In general, detection performance for the signaling embedded in the four pilot symbols degrades in proportion to the number of signaling values defined for these pilot symbols. The receiving entity receives noisy versions of the four pilot symbols and needs to ascertain the specific signaling value sent by the transmitting entity based on these noisy received pilot symbols. The receiving entity may compute a metric (e.g., a distance) between the received pilot symbols and the set of pilot symbols for each valid signaling value. The receiving entity then selects the signaling value with the best metric (e.g., the shortest distance) as the value sent by the transmitting entity. Detection error is more likely when there are more valid signaling values from which to choose.

In an embodiment, the four pilot symbols are used to indicate whether data or additional pilot is being sent in the OFDM symbol. Table 2 shows an exemplary signaling set for this embodiment with four bits b1, b2, b3, and b4 carried by the four pilot symbols with BPSK.

TABLE 2
Bits Value Definition
b1b2b3b4 ‘0000’ Data is being sent in the OFDM symbol
‘1111’ MIMO pilot is being sent in the OFDM symbol

The additional MIMO pilot may be steered or unsteered, e.g., may be sent in the same manner as data symbols in the PDU. A “data symbol” is a modulation symbol for data.

In another embodiment, the 4 B bits are used to indicate whether additional pilot is being sent in the OFDM symbol and, if yes, specific information for the additional pilot. Table 3 shows an exemplary signaling set for this embodiment with four bits b1, b2, b3, and b4 carried by the four pilot symbols with BPSK.

TABLE 3
Bits Value Definition
b1b2 ‘00’ Data is being sent in the OFDM symbol
‘01’ Steered MIMO pilot is being sent in the OFDM symbol
‘10’ Unsteered MIMO pilot is being sent in the OFDM symbol
‘11’ Reserved
b3 ‘0’ Additional pilot is being sent with code multiplexing
‘1’ Additional pilot is being sent with subband multiplexing
b4 ‘0’ Additional pilot is being sent on 48 data subbands
‘1’ Additional pilot is being sent on 24 data subbands

For the embodiment shown in Table 3, bits b1 and b2 indicate whether an unsteered MIMO pilot, a steered MIMO pilot, or no additional pilot is being sent in the OFDM symbol. Bit b3 indicates whether the MIMO pilot is being sent using code/time multiplexing or subband multiplexing. For code multiplexing, the MIMO pilot is sent over multiple symbol periods using orthogonal sequences. For example, an unsteered MIMO pilot may be sent from four transmit antennas in four symbol periods using 4-chip Walsh sequences, as shown in equation (2). A steered MIMO pilot may be sent on all four eigenmodes concurrently in four symbol periods using 4-chip Walsh sequences, as shown in equation (6). For subband multiplexing, the MIMO pilot is sent on multiple subbands in one symbol period. For example, an unsteered MIMO pilot may be sent from four transmit antennas on four different subbands in one symbol period (e.g., from transmit antenna 1 on subband k, from transmit antenna 2 on subband k+1, from transmit antenna 3 on subband k+2, and from transmit antenna 4 on subband k+3). A steered MIMO pilot may be sent on four eigenmodes using four different subbands in one symbol period (e.g., on eigenmode 1 using subband k, on eigenmode 2 using subband k+1, on eigenmode 3 using subband k+2, and on eigenmode 4 using subband k+3). Bit b4 indicates the number of subbands used for the additional pilot. For example, additional pilot symbols may be sent on all 48 data subbands or on only 24 data subbands (e.g., every other data subband).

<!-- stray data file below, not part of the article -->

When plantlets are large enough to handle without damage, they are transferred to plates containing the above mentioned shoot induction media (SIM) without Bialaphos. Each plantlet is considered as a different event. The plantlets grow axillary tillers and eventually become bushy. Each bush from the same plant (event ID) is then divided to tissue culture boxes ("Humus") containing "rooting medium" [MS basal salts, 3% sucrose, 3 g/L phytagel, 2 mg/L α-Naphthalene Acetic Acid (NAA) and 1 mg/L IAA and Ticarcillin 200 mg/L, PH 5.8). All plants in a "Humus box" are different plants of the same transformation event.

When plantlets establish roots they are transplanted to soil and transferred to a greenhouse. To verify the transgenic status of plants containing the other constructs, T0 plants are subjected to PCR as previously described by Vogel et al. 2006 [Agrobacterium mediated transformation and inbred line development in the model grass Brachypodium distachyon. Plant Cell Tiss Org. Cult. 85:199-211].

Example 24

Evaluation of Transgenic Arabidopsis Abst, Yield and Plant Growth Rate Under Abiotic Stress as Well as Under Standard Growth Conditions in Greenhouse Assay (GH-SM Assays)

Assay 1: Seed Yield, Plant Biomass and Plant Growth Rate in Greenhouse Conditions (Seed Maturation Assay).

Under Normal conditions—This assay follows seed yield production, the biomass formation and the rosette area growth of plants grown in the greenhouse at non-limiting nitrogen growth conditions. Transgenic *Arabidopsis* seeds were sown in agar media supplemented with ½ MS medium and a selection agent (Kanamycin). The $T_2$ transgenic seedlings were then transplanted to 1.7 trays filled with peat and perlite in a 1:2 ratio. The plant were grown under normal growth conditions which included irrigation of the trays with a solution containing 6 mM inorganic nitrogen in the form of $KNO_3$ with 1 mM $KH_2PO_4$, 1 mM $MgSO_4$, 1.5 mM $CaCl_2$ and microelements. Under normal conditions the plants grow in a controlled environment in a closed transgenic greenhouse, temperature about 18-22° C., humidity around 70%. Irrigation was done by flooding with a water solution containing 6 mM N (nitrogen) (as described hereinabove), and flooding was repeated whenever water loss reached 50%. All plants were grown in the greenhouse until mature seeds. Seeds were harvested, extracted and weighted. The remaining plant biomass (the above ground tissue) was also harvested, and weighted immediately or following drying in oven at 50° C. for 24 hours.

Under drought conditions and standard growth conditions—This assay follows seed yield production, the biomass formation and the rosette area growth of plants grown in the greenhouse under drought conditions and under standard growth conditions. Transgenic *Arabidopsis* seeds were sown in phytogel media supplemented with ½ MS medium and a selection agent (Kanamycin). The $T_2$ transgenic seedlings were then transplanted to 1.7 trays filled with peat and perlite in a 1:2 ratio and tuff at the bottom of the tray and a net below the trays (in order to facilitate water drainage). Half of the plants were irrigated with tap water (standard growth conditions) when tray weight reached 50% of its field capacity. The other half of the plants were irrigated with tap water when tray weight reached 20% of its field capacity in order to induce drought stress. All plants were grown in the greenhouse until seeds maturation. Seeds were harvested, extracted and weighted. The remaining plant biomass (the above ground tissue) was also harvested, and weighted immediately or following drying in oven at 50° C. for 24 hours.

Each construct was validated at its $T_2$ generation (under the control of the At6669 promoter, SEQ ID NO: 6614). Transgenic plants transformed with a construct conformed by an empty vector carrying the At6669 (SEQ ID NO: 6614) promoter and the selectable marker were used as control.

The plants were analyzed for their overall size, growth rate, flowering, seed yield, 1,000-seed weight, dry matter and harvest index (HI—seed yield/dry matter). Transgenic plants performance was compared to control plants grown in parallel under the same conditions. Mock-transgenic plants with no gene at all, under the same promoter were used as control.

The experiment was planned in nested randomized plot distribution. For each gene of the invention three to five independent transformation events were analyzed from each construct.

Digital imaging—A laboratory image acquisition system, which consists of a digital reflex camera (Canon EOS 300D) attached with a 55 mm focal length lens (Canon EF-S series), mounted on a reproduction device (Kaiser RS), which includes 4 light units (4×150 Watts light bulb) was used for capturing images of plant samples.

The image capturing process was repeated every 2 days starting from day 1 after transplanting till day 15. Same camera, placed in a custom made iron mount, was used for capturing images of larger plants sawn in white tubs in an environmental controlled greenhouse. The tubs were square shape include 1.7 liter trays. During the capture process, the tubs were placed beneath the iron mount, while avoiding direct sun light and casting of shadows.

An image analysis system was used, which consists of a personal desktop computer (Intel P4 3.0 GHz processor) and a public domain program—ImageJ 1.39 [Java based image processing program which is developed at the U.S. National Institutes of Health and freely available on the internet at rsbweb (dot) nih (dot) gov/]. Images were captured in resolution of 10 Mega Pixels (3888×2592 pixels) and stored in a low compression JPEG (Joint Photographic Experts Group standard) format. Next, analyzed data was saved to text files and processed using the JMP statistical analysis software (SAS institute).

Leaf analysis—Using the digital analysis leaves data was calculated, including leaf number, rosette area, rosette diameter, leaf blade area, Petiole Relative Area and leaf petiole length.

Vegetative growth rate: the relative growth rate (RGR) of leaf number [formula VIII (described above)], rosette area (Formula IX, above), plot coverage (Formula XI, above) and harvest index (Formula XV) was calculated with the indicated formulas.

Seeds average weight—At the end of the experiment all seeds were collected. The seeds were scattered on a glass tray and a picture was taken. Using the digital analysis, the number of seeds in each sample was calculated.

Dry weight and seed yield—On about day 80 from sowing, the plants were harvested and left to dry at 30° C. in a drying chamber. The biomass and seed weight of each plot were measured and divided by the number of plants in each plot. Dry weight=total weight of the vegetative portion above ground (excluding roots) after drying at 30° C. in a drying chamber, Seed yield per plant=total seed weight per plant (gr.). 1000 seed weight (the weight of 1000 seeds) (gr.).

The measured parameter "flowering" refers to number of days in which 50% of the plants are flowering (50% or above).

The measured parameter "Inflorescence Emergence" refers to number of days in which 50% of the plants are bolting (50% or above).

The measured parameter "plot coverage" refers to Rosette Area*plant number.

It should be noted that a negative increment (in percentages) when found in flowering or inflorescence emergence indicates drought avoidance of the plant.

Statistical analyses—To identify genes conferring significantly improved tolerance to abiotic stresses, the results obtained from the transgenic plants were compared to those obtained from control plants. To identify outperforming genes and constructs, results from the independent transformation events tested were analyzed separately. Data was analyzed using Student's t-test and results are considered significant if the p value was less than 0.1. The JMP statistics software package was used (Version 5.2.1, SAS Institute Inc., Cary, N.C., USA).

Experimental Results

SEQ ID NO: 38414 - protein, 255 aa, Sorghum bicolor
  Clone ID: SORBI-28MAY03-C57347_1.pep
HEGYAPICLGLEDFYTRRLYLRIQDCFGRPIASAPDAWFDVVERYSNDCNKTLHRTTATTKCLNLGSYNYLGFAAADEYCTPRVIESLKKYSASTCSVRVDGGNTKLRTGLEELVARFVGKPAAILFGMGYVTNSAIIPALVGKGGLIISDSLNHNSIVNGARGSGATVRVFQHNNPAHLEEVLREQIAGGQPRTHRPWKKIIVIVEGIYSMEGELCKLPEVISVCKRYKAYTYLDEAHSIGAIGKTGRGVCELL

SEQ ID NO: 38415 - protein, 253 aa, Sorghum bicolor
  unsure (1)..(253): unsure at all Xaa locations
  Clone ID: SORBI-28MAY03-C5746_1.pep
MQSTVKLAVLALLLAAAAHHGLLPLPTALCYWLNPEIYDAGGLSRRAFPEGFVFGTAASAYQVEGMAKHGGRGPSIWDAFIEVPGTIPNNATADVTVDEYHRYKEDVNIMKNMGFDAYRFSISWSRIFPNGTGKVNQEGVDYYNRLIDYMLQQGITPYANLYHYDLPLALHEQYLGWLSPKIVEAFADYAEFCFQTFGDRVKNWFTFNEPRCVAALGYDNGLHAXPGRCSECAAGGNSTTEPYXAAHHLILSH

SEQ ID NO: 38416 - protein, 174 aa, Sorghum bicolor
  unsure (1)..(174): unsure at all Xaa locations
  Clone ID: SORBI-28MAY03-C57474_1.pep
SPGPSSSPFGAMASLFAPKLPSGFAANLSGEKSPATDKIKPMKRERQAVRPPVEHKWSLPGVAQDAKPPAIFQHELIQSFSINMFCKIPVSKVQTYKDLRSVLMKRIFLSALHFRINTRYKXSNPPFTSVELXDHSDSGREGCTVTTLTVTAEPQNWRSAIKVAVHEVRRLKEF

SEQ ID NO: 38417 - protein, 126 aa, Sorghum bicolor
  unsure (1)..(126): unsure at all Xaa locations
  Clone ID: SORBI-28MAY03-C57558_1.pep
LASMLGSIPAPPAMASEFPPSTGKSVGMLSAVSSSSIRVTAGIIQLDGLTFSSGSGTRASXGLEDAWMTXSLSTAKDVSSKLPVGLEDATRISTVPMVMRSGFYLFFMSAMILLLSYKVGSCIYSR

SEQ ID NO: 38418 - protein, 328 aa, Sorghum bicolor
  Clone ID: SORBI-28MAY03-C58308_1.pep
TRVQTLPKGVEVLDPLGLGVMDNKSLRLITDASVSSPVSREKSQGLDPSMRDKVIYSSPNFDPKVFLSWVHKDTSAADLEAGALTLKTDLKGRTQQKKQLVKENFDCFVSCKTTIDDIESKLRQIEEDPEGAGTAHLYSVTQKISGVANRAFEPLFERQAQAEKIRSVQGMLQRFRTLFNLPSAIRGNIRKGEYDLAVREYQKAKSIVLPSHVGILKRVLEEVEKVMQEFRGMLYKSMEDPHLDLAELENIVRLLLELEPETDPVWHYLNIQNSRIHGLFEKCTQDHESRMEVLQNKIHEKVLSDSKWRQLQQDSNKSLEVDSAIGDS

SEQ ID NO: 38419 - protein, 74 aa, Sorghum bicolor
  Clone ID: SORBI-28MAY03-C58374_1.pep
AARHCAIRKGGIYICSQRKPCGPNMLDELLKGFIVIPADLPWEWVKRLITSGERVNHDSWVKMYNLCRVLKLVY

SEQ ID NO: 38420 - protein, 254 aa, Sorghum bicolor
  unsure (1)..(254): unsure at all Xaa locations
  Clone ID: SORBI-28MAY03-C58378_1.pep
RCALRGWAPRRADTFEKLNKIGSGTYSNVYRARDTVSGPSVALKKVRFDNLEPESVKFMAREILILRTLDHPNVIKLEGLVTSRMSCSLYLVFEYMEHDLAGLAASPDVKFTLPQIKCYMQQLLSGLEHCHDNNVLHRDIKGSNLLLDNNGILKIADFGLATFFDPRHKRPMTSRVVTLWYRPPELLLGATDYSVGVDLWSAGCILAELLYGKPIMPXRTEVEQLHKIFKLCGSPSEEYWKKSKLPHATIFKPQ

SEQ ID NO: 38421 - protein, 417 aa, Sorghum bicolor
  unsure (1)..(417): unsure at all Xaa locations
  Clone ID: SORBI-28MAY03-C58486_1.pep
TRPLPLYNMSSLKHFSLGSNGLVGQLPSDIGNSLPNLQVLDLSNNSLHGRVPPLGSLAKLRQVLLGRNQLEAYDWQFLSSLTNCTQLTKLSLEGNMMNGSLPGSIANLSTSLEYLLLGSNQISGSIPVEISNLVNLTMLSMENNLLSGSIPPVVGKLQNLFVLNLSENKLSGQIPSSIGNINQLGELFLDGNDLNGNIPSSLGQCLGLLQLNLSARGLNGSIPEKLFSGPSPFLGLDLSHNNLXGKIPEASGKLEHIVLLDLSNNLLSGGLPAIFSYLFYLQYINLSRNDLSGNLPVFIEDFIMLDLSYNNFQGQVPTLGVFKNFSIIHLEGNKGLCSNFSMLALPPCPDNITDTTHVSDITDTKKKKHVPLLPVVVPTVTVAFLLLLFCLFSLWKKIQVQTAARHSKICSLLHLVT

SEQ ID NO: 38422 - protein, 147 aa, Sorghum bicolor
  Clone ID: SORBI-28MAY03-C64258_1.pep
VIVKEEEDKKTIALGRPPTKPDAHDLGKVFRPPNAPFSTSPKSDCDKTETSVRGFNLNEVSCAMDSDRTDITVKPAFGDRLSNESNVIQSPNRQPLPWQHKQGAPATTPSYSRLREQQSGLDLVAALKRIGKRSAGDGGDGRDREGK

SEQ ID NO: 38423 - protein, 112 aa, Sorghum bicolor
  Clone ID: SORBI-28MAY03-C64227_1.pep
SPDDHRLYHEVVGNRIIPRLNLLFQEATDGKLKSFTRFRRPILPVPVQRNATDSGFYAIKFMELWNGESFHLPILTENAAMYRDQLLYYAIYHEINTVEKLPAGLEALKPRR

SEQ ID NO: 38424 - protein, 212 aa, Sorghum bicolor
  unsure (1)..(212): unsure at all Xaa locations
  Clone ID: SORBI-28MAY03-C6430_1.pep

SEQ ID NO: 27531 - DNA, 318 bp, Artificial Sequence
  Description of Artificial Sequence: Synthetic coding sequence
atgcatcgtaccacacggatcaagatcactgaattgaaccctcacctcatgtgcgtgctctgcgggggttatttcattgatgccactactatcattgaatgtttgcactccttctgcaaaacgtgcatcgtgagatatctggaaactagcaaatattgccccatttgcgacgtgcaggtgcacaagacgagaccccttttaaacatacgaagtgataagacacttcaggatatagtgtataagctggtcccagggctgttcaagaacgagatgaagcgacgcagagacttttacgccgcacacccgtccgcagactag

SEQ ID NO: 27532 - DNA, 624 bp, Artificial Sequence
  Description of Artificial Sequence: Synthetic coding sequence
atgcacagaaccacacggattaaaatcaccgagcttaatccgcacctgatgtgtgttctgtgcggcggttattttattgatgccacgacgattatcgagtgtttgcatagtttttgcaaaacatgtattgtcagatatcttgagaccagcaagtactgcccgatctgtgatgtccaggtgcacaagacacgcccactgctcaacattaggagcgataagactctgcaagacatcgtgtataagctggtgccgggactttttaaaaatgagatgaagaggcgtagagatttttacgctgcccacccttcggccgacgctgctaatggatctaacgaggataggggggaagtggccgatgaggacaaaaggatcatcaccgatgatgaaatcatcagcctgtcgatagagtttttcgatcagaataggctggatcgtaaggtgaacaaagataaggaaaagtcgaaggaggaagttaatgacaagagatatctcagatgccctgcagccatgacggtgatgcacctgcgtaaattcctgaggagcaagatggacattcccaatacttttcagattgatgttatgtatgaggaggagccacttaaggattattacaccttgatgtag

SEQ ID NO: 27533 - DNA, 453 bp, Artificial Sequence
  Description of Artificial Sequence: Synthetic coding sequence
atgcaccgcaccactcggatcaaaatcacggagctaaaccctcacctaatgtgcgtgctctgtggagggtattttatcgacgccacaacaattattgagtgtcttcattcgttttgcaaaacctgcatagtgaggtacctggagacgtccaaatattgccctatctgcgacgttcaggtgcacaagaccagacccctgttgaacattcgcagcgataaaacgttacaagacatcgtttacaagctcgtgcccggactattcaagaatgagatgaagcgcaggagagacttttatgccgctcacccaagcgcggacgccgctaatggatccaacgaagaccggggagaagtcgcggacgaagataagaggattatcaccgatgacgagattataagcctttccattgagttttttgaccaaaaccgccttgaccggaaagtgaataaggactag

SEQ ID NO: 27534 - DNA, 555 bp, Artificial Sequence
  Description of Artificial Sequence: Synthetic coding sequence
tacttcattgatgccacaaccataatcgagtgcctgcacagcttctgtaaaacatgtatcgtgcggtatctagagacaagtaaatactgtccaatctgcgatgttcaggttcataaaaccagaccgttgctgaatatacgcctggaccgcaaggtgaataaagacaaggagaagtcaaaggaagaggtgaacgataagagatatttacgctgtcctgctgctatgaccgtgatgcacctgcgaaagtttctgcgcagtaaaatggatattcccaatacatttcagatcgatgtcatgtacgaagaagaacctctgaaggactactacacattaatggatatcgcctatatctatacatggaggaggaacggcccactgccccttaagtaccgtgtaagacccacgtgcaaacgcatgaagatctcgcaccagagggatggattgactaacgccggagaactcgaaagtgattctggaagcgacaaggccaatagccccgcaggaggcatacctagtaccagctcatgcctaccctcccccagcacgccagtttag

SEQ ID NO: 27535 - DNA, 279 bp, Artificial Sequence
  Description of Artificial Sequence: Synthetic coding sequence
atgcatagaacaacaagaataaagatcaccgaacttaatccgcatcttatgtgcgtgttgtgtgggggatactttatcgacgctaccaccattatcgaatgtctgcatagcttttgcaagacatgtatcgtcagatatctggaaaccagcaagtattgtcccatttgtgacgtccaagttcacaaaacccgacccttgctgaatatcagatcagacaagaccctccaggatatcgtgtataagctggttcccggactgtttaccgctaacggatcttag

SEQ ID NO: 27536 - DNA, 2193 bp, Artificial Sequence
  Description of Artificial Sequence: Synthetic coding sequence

Tables 2 and 3 show two specific embodiments of the signaling embedded in the four pilot subbands with four bits using BPSK. In general, the 4 B bits for the carrier pilot may be used to convey any type of information for the additional pilot such as (1) whether or not the additional pilot is being sent, (2) the type of additional pilot being sent (e.g., unsteered MIMO pilot, steered MIMO pilot, and so on), (3) the manner in which the pilot is being sent (e.g., code multiplexing, subband multiplexing, time multiplexing, and so on), (4) the number of subbands used for the additional pilot (e.g., all, half, quarter, or some other number of data subbands), and (5) possibly other pertinent information. More signaling values provide more flexibility in the transmission of the additional pilot. However, detection performance is also worse with more signaling values. A tradeoff may be made between detection performance and pilot insertion flexibility.

The signaling for the additional pilot in a given PDU may also be sent in signal section 230 of the PDU. This signaling may indicate any or all of the possible information noted above for the additional pilot. Furthermore, this signaling may indicate the specific symbol periods in which the additional pilot will be sent (e.g., in the middle of data section 250, in every quarter of the data section, in every L-th symbol period, and so on).

The carrier pilot may be used to send signaling for the additional pilot, as described above. The carrier pilot may also be used to send other types of signaling such as, for example, the rate (e.g., coding and modulation scheme) used for a PDU being sent, the rate to be used for the other link (e.g., downlink or uplink), power control information (e.g., UP and DOWN power control commands used to adjust transmit power), transmission parameters (e.g., the allocated traffic channels, frequency subbands, and so on), an acknowledgment (ACK) or a negative acknowledgment (NAK) for a PDU received via the other link, a set of base station(s) to use for communication, and so on. Different types of signaling may have different reliability requirements and may employ different encoding schemes and/or different signaling sets. Regardless of the type of signaling to be sent, the transmitting entity may conveniently send this signaling on the pilot subbands, and the receiving entity may quickly detect this signaling.